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Yoon's Approach to North Korea Lacks Initial Strategy on Human Rights


South Korean President Yoon Suk Yeol delivers a speech during a news conference to mark his first 100 days in office at the presidential office in Seoul, South Korea, Aug. 17, 2022.

South Korean President Yoon Suk Yeol’s “audacious initiative” needs to include the goal of improving human rights in North Korea, not necessarily in the beginning of potential negotiations but as the plan is put in place, according to experts, if Pyongyang is to agree give up its nuclear weapons.

Dubbed as a "comprehensive" roadmap for achieving peace on the Korean Peninsula as well as normalizing inter-Korean ties by his senior officials, the "audacious" plan includes a slew of economic incentives in exchange for North Korea's denuclearization.

President Yoon announced the plan in his Liberation Day speech delivered in front of his presidential office in Seoul on Aug. 15, marking Korea's independence from Japanese colonization, which lasted from 1910-45. Details of the plan were unveiled during a press briefing later in the day.

Kim Tae-hyo, the first deputy director of the National Security Office, said incentives such as modernizing airports and hospitals, boosting agricultural production, and fostering investment and trade would be matched by steps North Korea agrees to take to denuclearize in a phasing-out deal.

Although Yoon said the plan will improve "people's livelihood," he made no direct mention of addressing North Korea's human rights violations, something experts suggested would be phased in if negotiations come to pass.

South Korea's Foreign Ministry told VOA's Korean Service on Thursday that the Yoon government views North Korea's human rights violations as a "serious" issue and seeks to "improve human rights and humanitarian conditions" in the country with "active cooperation from the international community."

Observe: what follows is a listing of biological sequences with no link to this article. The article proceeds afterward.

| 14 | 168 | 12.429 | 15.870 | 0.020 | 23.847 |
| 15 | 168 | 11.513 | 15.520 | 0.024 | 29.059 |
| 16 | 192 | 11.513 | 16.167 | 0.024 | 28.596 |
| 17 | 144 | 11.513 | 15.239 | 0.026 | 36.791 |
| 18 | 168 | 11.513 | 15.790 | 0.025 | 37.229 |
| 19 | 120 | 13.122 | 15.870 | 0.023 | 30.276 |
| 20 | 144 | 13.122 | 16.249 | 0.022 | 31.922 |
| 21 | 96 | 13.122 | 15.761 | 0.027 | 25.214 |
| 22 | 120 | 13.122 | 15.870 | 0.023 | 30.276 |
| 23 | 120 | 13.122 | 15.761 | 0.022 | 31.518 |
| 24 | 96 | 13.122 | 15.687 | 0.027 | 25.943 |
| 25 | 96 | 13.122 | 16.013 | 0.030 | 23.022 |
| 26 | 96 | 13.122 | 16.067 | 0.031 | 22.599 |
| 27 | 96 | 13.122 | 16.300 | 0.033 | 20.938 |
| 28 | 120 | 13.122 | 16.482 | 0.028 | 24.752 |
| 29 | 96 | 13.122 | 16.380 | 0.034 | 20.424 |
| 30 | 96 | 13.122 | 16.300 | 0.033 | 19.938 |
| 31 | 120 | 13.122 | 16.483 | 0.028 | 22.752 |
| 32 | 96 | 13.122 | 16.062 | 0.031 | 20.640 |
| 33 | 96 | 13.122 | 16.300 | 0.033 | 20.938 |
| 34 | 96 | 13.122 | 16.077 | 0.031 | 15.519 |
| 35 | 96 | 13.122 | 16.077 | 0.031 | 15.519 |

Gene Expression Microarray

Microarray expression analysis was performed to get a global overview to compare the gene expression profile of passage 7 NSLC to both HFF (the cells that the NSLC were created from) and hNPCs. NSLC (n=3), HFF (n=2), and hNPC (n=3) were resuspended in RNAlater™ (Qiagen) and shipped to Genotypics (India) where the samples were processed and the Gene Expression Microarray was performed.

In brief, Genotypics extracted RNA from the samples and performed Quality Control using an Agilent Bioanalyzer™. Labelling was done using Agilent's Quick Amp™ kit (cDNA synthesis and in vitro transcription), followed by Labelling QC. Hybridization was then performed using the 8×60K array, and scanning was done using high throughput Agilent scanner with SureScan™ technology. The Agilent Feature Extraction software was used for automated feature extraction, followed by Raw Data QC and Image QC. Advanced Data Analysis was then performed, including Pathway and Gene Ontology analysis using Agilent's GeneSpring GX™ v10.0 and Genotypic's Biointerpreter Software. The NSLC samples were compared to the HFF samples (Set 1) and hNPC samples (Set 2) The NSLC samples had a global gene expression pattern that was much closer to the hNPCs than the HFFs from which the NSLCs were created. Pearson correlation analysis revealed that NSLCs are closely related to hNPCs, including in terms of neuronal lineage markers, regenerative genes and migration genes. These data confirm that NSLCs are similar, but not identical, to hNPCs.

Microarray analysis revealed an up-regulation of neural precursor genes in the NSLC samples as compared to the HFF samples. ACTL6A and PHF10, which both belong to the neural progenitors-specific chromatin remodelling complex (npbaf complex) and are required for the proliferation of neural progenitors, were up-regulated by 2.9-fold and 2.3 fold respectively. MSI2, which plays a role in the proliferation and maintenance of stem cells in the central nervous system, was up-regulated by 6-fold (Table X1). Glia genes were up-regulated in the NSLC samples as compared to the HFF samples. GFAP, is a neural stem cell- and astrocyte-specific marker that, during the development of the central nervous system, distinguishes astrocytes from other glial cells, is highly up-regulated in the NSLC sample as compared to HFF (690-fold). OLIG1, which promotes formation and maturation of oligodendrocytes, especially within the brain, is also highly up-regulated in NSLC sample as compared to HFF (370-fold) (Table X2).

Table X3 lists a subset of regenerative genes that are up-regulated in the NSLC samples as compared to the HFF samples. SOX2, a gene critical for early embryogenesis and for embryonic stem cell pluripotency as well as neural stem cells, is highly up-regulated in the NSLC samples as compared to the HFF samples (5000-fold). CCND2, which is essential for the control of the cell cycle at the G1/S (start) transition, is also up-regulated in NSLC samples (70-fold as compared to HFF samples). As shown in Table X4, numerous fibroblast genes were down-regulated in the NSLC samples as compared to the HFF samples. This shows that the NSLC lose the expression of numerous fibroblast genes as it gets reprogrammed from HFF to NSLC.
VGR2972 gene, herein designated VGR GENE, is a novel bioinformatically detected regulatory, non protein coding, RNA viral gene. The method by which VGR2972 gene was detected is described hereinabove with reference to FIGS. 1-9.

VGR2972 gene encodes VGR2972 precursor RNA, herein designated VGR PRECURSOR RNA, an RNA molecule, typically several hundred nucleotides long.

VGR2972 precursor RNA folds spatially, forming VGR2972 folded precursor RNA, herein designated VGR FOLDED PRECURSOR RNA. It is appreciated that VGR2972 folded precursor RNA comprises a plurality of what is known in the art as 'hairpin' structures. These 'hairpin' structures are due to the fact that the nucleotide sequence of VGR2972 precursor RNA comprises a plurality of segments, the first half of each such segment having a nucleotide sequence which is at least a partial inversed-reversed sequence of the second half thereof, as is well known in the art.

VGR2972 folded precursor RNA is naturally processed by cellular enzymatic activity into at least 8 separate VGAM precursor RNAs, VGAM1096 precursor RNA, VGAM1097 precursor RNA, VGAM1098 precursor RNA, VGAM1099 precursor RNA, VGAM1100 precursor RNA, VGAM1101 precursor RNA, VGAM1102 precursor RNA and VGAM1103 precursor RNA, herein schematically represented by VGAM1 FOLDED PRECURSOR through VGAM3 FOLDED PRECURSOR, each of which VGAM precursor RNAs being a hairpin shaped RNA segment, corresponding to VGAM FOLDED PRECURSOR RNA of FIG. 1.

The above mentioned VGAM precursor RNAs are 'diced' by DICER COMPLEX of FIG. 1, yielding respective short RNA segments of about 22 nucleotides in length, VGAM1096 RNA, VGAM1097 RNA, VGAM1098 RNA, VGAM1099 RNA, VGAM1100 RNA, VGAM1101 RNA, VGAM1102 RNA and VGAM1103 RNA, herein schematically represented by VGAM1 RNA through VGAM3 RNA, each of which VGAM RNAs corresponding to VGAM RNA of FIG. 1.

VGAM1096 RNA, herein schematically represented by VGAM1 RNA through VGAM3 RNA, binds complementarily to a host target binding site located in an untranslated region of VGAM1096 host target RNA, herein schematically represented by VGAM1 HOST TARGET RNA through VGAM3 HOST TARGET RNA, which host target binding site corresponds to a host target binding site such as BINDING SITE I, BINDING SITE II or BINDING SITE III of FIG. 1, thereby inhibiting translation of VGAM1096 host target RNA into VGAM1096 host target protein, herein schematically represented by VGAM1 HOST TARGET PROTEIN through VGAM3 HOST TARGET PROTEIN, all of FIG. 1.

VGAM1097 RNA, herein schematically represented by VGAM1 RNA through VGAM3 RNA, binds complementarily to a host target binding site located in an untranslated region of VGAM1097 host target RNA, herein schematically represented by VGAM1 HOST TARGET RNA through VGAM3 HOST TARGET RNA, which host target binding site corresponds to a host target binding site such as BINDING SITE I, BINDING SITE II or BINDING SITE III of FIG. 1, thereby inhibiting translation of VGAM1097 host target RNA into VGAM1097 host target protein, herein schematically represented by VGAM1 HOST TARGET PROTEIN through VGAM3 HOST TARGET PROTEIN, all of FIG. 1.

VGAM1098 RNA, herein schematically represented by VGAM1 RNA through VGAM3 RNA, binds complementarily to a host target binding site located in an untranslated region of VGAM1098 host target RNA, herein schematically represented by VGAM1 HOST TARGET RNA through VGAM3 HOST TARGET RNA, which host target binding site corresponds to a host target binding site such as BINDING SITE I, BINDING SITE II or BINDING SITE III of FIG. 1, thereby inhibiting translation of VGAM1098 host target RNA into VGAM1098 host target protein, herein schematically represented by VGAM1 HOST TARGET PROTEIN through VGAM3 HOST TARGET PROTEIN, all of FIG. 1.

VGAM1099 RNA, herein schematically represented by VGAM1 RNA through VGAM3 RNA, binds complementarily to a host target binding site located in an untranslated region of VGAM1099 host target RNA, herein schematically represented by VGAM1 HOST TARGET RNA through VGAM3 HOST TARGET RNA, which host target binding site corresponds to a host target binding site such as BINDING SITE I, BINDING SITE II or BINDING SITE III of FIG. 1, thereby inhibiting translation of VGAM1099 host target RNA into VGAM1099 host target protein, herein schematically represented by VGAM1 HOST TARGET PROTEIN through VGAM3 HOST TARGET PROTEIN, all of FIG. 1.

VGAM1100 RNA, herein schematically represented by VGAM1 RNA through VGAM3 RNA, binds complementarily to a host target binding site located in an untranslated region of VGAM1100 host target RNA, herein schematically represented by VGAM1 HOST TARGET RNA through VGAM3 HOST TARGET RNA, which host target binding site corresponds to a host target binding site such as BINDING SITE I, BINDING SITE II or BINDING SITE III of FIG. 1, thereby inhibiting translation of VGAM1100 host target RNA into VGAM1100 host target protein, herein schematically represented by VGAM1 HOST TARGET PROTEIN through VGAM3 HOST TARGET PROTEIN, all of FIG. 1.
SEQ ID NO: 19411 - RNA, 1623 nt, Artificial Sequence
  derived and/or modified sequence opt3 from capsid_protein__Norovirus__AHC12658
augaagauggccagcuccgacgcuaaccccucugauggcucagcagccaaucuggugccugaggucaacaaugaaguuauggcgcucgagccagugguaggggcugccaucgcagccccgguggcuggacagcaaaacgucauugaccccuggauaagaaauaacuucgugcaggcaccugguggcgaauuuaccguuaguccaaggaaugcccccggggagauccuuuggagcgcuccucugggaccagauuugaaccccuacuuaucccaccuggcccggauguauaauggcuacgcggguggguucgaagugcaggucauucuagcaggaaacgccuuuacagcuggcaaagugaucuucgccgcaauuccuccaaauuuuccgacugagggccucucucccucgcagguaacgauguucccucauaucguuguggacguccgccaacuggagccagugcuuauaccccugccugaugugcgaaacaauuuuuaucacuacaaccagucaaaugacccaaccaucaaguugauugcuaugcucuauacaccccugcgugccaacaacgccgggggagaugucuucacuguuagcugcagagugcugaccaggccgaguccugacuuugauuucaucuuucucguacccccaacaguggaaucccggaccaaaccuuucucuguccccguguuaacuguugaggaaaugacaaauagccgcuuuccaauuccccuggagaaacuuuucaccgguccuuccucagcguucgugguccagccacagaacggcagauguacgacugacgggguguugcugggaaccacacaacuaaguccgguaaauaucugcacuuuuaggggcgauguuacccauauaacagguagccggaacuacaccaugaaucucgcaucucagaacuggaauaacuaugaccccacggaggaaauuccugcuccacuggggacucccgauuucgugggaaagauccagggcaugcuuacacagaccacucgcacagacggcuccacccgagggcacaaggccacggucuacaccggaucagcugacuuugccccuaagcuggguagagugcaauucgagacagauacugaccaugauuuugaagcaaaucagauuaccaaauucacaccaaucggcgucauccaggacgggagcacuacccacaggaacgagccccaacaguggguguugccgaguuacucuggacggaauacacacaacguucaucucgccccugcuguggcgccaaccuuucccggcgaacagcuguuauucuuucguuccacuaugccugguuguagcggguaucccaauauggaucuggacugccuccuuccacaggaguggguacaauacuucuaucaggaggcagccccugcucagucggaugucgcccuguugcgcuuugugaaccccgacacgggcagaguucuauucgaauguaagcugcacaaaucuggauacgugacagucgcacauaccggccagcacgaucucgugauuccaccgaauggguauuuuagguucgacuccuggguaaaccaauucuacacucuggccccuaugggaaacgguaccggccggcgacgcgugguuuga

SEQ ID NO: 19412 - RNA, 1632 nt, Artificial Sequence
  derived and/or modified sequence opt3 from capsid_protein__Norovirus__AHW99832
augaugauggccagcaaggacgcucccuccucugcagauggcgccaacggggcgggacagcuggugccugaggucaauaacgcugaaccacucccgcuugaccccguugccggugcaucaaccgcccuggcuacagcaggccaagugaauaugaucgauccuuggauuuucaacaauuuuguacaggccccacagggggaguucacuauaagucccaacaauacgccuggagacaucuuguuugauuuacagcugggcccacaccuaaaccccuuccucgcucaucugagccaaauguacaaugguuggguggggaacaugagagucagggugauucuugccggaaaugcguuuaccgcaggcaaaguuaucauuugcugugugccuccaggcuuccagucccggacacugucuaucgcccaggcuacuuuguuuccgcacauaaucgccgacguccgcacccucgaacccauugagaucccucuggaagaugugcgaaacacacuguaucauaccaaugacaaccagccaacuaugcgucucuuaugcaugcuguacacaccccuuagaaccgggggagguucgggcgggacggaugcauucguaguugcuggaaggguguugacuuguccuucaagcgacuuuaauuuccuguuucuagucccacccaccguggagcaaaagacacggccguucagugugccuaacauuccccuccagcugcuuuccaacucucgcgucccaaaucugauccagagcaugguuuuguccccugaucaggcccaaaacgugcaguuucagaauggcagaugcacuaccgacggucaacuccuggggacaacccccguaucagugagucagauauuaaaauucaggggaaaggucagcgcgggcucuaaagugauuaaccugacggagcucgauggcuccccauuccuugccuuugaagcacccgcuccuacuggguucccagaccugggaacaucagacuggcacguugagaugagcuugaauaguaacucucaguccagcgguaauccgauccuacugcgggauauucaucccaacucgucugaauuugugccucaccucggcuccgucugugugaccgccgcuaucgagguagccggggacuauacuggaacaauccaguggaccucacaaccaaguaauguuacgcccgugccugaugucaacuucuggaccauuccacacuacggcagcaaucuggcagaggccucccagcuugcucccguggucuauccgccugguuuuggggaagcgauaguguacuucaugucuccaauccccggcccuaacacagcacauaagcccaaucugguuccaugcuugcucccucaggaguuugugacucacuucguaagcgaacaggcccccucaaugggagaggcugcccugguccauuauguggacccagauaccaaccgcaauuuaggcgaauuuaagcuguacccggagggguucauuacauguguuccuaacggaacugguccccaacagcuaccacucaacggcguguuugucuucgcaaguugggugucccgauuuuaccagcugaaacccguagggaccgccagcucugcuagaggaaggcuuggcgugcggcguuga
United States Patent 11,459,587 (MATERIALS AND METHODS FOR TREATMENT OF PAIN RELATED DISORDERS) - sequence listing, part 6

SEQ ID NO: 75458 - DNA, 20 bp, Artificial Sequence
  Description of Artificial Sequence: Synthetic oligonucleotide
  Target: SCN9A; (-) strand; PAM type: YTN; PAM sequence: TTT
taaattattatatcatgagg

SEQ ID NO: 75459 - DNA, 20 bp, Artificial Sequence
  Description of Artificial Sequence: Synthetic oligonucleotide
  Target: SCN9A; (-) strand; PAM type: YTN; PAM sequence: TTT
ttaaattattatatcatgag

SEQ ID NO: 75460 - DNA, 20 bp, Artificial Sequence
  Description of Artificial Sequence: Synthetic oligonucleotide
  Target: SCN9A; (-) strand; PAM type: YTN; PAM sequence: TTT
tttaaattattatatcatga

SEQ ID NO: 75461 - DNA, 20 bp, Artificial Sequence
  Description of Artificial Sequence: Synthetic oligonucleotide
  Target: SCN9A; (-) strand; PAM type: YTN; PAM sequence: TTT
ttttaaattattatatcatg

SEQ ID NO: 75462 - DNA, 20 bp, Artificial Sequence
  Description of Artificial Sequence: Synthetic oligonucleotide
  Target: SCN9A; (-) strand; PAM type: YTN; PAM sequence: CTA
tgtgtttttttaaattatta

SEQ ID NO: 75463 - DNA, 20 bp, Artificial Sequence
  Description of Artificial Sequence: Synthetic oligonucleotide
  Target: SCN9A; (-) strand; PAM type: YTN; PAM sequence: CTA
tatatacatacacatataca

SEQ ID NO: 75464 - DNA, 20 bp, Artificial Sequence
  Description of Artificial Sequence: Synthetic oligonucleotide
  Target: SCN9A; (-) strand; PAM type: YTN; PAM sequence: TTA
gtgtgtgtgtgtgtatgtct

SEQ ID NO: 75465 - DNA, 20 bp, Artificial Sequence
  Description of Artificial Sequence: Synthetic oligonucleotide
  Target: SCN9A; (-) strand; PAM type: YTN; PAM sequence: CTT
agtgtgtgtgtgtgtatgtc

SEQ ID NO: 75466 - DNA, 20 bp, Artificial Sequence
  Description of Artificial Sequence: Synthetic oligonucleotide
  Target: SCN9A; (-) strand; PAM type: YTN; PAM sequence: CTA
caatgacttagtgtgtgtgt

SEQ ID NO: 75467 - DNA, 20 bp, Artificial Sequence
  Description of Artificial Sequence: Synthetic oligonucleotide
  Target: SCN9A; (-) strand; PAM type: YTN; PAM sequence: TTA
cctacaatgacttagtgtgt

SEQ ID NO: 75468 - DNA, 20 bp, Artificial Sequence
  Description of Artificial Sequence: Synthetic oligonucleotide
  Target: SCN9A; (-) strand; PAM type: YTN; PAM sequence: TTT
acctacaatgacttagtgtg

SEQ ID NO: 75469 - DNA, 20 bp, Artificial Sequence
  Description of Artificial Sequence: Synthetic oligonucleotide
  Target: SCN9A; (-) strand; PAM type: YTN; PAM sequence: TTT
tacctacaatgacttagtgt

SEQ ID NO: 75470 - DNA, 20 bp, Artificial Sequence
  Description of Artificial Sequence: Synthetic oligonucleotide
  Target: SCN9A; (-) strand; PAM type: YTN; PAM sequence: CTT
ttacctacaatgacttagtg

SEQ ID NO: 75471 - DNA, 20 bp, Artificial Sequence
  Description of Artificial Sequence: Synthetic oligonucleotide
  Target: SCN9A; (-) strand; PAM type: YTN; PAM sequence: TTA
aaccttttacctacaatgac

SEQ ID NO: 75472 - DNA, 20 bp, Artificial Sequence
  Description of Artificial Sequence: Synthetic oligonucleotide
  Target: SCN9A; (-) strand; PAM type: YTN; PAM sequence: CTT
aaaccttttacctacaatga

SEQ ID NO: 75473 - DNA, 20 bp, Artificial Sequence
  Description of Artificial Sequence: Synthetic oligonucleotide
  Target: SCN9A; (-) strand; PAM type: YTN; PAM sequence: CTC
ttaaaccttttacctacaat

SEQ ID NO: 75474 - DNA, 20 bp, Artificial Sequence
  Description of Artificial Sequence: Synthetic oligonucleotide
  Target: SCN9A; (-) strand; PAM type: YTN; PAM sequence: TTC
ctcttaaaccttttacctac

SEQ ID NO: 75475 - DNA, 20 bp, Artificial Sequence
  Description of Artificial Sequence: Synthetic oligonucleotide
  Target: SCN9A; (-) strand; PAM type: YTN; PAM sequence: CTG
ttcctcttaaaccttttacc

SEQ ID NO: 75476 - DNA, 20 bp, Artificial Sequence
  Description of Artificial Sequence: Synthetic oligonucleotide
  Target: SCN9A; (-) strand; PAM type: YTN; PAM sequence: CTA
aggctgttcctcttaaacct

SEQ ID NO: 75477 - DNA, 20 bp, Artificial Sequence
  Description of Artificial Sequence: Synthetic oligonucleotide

A spokesperson for the State Department told VOA's Korean Service on Thursday that Washington supports Seoul's diplomacy with Pyongyang with the goal of denuclearization. The spokesperson continued, "We remain concerned about the human rights situation in [North Korea], and the United States is committed to placing human rights at the center of our foreign policy."

VOA's Korean Service contacted the North Korean mission to the U.N. asking whether it has any plans to return to dialogue despite Kim Yo Jong, the powerful sister of regime leader Kim Jong Un, rejecting the offer as "absurd" on Aug. 19, but did not get a reply.

Human rights 'disincentive'

Robert King, former U.S. special envoy for North Korean human rights during the Obama administration, said, "The failure to mention 'human rights' explicitly is not a problem" as negotiation begins because "that term provokes negative reaction from North Korea," but needs to be brought up during the process to normalize relations.

Robert Rapson, who served as deputy chief of mission and chargé d'affaires at the U.S. embassy in Seoul from 2018-21, echoed King.

"Given that the Yoon administration's early intent has been to incentivize the North Korean regime to respond positively to the 'audacious initiative,' inclusion of human rights up front would undoubtedly be a very clear disincentive to Pyongyang," said Rapson.

"At some point in the 'audacious initiative' discussions … human rights concerns and issues must be raised with the North Korean regime," he continued.

North Korea is known for controlling its people with torture, forced labor and extrajudicial killings and denying them basic rights such as freedom to assemble, speak and relocate.